Understanding an LBD DiagnosisLewy Body Dementia, or LBD, affects around 1.4 million people in the United States. It’s a disease that ultimately affects both the person who has received the diagnosis and their family members. That’s because it is a form of dementia that gets worse as time goes on. Eventually, people with LBD need extensive, round-the-clock care. One of the first steps in becoming a caregiver to someone with LBD is learning as much about the condition as possible, which can help you to be better prepared for the future.

What is LBD?

LBD occurs when deposits, called Lewy bodies, develop in the brain. They affect the way a person thinks and moves. These deposits are named Lewy bodies after the scientist who first noticed them while working in the laboratory of Dr. Alois Alzheimer during the early 1900s.

The cause of LBD is not known at present, but research is ongoing. Scientists believe there are probably several factors at work. Both a person’s genetics and their environment may play a role. Although there may be a genetic component, that does not mean it runs in families. In fact, most people who are diagnosed with LBD do not have a relative with the disease.

LBD Symptoms

LBD causes a wide range of symptoms and affects people differently. This means that a symptom can affect one person, but not another, so that the experiences of people with LBD can be vastly different. Some of the symptoms of LBD are:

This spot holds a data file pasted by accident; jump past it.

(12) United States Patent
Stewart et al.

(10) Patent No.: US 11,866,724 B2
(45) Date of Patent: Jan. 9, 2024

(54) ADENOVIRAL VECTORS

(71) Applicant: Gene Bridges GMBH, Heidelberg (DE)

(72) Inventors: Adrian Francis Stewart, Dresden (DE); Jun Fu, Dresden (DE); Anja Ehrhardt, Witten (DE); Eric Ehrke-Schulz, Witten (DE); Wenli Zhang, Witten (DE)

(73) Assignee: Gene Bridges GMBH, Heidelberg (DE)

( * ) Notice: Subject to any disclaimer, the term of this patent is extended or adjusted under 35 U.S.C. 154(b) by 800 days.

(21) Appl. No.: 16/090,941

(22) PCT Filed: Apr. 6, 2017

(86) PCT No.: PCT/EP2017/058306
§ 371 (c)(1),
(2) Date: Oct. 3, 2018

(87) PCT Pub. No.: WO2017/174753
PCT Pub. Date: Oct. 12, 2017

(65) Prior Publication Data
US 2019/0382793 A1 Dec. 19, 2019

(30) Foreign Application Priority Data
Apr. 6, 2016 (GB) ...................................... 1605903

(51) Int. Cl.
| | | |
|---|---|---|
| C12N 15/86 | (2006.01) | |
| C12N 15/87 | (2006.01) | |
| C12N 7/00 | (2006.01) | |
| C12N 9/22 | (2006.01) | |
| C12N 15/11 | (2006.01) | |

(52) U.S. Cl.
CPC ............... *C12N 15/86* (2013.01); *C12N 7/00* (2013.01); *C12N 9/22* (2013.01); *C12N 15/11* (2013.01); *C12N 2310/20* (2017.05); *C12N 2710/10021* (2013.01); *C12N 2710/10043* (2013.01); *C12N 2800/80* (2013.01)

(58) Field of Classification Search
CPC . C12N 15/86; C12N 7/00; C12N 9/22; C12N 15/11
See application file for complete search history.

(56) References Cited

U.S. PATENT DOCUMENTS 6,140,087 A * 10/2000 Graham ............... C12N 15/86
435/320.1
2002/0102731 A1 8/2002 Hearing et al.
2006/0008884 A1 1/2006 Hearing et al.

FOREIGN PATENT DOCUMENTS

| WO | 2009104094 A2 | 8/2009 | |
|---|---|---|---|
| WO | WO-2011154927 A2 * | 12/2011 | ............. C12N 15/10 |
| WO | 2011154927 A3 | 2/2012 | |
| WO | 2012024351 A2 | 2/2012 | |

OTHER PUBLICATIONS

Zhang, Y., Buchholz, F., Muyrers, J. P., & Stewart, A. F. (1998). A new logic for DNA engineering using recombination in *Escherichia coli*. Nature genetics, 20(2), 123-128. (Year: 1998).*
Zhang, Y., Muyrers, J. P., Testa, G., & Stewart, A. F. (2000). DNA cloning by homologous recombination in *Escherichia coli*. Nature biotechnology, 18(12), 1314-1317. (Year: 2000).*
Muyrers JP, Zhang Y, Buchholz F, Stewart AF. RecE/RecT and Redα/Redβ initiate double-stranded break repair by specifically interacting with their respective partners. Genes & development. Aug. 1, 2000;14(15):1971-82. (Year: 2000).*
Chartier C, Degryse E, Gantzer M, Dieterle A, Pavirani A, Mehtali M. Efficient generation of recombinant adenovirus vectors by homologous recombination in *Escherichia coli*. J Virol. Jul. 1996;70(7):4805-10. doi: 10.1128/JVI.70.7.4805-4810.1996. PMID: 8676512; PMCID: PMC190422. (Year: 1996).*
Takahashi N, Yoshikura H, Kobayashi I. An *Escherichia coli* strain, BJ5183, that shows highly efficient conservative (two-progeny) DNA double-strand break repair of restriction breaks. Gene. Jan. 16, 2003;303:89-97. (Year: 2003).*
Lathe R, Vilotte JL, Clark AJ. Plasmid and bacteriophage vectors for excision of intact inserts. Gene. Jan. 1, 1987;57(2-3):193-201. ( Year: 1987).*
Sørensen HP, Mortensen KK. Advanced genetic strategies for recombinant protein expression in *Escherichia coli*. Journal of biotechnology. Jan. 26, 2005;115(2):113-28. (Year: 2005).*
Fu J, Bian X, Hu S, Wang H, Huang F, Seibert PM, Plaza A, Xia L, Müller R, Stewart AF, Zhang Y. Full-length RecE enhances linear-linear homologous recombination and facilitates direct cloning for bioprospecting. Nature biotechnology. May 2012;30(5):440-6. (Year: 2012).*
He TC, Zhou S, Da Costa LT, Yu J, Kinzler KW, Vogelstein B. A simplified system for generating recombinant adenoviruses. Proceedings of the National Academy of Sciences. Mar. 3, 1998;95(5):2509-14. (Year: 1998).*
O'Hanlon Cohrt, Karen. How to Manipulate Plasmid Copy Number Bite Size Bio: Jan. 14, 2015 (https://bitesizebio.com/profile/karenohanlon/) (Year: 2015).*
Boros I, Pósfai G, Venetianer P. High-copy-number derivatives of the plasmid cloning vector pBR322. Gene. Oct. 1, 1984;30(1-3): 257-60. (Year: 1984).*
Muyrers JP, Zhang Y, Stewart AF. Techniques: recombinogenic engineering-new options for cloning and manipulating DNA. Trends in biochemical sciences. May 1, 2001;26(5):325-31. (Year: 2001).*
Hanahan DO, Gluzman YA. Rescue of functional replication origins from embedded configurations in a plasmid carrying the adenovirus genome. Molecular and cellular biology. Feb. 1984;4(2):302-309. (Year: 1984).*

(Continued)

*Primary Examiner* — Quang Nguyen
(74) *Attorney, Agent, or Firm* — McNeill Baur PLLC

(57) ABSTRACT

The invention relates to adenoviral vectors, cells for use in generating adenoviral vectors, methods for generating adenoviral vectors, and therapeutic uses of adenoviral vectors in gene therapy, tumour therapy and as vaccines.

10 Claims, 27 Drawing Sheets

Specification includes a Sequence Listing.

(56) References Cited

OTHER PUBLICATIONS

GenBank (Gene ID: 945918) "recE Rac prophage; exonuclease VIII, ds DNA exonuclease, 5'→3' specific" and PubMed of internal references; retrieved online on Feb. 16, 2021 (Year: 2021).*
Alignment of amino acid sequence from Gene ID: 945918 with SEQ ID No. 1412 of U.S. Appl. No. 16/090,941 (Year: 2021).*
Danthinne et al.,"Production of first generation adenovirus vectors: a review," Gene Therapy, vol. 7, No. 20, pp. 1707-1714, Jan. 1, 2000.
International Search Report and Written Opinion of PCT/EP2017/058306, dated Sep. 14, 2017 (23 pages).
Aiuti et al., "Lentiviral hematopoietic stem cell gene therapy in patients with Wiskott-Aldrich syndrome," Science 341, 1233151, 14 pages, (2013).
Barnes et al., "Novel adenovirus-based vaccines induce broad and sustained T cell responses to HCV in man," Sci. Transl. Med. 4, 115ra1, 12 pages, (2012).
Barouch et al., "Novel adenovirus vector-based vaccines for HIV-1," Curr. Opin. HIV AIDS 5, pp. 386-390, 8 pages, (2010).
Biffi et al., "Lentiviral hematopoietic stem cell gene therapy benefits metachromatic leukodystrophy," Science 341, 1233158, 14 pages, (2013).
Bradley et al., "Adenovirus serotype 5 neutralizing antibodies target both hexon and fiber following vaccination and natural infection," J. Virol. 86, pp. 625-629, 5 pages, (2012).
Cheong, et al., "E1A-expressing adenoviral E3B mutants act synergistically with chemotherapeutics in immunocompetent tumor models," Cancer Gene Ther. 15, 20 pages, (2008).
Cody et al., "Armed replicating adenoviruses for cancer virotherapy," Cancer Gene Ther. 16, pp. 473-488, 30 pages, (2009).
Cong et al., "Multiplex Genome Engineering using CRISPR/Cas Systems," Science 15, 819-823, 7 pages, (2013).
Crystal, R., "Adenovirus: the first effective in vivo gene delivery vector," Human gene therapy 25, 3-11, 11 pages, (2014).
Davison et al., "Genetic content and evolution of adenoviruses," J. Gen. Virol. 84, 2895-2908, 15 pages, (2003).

• Alterations in the way a person thinks or reasons.
  • Hallucinations.
  • Delusions.
  • Difficulty performing complex tasks that involve planning.
  • Alternating times of confusion and alertness that change from one part of the day to the next or from day to day.
  • Motor symptoms of Parkinson’s, such as stiff or rigid muscles, trouble with balance, and a stooped posture.
  • REM sleep disorder, which involves the person physically acting out dreams while they are sleeping.
  • Significant memory loss.

Planning for the Future

Because LBD is progressive, it’s important to start planning for the senior’s care when the disease gets worse. One way to do that is to hire an elderly care provider. Elderly care providers come to the patient’s home to assist family members with their care. They can come to stay with the older adult when family caregivers are unable to be there. Or, elderly care providers can come even when family members are there to handle care aspects so that families can focus on spending time together rather than on care. Elderly care providers can help to keep the person safe when dementia may cause them to do things that could cause them injury. Elderly care providers can also perform household tasks, like cleaning, laundry, and meal preparation.



When you are in need of care for a senior loved one, consider elderly care provided by Golden Heart Senior Care. We have offices nationwide. For more information, call us today at (800) 601-2792.

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